Frontal lobe metabolic alterations in autism spectrum disorder: a 1H-magnetic resonance spectroscopy study
Received 13 February 2018
Accepted for publication 3 May 2018
Published 20 July 2018 Volume 2018:14 Pages 1871—1876
Checked for plagiarism Yes
Review by Single-blind
Peer reviewer comments 2
Editor who approved publication: Dr Roger Pinder
Lucia Margari,1 Andrea De Giacomo,1 Francesco Craig,2 Roberto Palumbi,1 Antonia Peschechera,1 Mariella Margari,1 Francesca Picardi,3 Marina Caldarola,3 Marilena Anna Maghenzani,4 Franca Dicuonzo3
1Department of Basic Medical Sciences, Neuroscience and Sense Organs, Child Neuropsychiatry Unit, University of Bari Aldo Moro, Azienda Ospedaliero Universitaria Consorziale Policlinico di Bari, Bari, Italy; 2Scientific Institute, IRCCS E. Medea, Unit for Severe Disabilities in Developmental Age and Young Adults, Developmental Neurology and Neurorehabilitation, Brindisi, Italy; 3Department of Basic Medical Sciences, Neuroscience and Sense Organs, Neuroradiology Unit, University of Bari Aldo Moro, Azienda Ospedaliero Universitaria Consorziale Policlinico di Bari, Bari, Italy; 4Emergency Department, Anesthesia and Intensive Care Unit, University of Bari Aldo Moro, Azienda Ospedaliero-Universitaria Policlinico di Bari, Bari, Italy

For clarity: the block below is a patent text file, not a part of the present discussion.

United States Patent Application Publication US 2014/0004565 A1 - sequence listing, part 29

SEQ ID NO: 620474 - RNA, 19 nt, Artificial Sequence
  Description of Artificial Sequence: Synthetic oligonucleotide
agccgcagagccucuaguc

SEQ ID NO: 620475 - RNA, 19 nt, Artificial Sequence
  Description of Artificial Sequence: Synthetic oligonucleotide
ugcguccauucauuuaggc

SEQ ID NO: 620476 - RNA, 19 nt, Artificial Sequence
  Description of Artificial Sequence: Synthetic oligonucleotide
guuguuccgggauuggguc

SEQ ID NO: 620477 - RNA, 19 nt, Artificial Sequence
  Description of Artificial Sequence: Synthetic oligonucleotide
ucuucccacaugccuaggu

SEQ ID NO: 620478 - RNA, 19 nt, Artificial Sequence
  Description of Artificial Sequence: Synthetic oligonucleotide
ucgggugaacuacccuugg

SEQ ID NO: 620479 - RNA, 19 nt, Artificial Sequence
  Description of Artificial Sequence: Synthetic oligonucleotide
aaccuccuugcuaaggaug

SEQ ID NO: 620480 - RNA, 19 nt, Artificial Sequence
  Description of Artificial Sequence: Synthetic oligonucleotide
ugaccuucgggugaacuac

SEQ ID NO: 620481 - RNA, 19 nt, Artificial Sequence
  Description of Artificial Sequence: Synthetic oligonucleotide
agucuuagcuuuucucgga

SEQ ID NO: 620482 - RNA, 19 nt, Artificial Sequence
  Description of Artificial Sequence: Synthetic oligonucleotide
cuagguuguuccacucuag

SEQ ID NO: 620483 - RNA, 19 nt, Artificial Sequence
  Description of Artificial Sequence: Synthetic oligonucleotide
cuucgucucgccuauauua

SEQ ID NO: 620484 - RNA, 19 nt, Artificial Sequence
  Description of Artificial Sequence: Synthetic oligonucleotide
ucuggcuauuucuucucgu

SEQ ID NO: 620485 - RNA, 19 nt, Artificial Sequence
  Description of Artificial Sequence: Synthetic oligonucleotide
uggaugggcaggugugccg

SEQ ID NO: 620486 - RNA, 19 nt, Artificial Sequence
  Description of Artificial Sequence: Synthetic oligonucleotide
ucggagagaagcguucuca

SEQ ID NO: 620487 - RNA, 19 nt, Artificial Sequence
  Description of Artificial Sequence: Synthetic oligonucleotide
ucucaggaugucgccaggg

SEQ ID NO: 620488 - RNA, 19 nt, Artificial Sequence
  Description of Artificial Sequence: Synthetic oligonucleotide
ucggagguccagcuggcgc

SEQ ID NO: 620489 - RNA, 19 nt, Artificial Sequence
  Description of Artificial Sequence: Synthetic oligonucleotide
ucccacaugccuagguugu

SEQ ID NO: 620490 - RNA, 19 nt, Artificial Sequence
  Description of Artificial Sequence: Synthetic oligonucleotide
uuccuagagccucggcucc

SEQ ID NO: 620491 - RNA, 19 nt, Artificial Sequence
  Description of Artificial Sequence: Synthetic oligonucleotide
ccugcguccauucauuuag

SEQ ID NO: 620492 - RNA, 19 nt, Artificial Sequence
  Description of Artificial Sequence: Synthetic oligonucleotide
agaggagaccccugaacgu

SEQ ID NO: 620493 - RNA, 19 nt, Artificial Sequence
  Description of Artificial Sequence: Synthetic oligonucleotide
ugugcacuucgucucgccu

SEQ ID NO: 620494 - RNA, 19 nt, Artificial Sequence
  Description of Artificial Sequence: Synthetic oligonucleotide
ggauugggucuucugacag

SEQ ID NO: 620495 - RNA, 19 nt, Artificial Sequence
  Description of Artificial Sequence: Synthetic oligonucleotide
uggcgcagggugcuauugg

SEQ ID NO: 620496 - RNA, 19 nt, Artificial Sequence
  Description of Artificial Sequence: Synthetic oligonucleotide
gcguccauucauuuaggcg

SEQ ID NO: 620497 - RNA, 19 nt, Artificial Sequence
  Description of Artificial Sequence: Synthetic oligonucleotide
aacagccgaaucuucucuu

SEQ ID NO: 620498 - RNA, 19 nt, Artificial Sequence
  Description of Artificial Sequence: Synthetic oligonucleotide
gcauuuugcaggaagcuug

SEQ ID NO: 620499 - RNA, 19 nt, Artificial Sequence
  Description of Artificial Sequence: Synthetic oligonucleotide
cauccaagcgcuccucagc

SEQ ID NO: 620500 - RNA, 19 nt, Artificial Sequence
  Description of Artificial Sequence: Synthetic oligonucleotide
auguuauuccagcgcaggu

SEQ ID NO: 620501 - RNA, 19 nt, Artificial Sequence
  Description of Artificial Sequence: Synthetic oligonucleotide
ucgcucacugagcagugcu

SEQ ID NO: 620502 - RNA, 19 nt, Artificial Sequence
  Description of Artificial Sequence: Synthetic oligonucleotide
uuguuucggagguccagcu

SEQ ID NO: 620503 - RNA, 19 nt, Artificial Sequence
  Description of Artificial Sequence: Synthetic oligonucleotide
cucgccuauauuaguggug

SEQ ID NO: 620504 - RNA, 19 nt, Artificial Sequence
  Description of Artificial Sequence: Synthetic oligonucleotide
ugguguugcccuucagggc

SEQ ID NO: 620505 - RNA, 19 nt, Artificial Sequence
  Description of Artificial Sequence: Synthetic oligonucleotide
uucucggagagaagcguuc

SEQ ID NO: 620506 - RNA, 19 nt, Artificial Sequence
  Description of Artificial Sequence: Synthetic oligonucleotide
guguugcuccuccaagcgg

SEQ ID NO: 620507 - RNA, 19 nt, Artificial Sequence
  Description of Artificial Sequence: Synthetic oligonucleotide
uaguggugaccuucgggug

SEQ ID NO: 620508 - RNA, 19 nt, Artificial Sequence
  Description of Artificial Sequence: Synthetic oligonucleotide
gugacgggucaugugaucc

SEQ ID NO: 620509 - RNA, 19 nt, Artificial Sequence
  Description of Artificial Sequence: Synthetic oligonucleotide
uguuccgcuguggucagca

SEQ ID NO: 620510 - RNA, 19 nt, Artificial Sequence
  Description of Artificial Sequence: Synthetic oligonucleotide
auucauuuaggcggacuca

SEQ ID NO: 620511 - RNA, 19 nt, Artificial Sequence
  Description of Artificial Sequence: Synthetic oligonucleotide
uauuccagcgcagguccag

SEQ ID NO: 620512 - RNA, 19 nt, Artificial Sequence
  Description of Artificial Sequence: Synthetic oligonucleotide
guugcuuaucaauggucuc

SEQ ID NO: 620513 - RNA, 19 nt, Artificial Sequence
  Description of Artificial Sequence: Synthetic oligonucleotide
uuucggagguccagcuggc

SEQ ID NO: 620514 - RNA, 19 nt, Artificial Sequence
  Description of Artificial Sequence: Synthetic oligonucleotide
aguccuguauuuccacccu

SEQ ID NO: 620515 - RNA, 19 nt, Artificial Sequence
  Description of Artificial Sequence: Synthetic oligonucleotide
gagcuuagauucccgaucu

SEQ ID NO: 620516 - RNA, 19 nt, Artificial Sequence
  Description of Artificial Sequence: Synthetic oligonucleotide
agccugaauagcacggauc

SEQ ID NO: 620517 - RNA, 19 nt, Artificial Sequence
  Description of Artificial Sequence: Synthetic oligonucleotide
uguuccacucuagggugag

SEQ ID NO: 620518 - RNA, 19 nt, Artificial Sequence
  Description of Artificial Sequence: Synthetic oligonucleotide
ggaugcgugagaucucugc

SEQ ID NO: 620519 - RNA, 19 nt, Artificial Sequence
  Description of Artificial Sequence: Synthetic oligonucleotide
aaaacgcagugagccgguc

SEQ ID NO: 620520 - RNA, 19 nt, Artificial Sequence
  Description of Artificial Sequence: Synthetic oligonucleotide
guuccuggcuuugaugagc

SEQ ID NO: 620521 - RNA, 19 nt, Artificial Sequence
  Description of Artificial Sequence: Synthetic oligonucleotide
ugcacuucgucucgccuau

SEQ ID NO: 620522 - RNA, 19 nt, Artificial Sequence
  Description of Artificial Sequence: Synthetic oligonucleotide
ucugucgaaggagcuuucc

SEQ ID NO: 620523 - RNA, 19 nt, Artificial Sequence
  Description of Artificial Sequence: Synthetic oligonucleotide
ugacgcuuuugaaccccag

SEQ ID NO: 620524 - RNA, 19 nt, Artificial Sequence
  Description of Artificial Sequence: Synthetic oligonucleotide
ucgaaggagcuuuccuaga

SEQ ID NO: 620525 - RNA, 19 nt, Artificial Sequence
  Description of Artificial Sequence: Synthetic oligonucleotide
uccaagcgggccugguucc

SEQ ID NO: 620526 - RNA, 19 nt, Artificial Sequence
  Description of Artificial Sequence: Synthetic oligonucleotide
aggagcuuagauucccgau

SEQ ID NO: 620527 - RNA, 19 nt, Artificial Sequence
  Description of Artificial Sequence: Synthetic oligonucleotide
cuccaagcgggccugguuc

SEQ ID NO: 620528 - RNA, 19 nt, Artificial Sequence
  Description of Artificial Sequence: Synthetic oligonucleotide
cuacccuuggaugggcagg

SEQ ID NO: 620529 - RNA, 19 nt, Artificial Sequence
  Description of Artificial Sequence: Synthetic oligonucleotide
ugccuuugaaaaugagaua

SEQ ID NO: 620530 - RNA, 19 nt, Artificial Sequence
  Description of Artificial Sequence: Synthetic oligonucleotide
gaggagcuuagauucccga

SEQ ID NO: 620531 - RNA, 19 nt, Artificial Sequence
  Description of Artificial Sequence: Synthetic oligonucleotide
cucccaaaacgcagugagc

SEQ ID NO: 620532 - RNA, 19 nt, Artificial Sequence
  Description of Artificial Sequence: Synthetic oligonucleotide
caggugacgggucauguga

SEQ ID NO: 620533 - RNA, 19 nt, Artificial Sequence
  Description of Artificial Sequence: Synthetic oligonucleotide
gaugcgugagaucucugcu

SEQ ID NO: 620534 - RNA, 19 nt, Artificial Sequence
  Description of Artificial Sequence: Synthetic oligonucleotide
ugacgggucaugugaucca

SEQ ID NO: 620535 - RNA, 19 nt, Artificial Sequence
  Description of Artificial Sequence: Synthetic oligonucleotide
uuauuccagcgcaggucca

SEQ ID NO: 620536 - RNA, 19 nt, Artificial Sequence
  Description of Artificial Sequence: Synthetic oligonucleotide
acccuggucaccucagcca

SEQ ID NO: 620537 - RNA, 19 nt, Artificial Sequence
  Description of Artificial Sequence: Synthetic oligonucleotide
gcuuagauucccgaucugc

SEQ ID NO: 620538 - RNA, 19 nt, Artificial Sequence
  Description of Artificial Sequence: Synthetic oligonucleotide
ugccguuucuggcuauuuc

Purpose: Recently, neuroimaging studies were performed using 1H-magnetic resonance spectroscopy (1H-MRS), revealing a quantitative alteration of neurochemicals (such as neurotransmitters and metabolites) in several brain regions of patients with autism spectrum disorder (ASD). The involvement of the frontal lobe in the neurobiology of ASD has long been documented in the literature. Therefore, the aim of this study was to analyze the alterations of N-acetylaspartate/creatine (NAA/Cr) and choline/Cr (Cho/Cr) ratios in the frontal lobe subcortical white matter (WM) in ASD patients, in order to reveal any alteration of metabolites that might be the expression of specific clinical features of the disorder.
Patients and methods: An 1H-MRS study of the frontal lobe subcortical WM was performed in 75 children with ASD and in 50 age-matched controls to evaluate the functional activity of this brain region.
Results: NAA/Cr and Cho/Cr ratios were significantly altered in ASD, compared to control subjects. Moreover, in the ASD group, NAA/Cr was significantly lower in patients with a cognitive impairment.
Conclusion: Results from this study confirm the existence of brain metabolites’ alterations in frontal lobe WM in children with ASD, supporting the relevance of this brain region in the clinical expressions of this disorder, including its role in the cognitive impairment. Further 1H-MRS investigations will allow to comprehensively explain the relationship between metabolic alteration in a specific brain region and specific clinical features of ASD.
Keywords: autism, neurodevelopmental disorder, cognitive impairment, neuroimaging, brain metabolites
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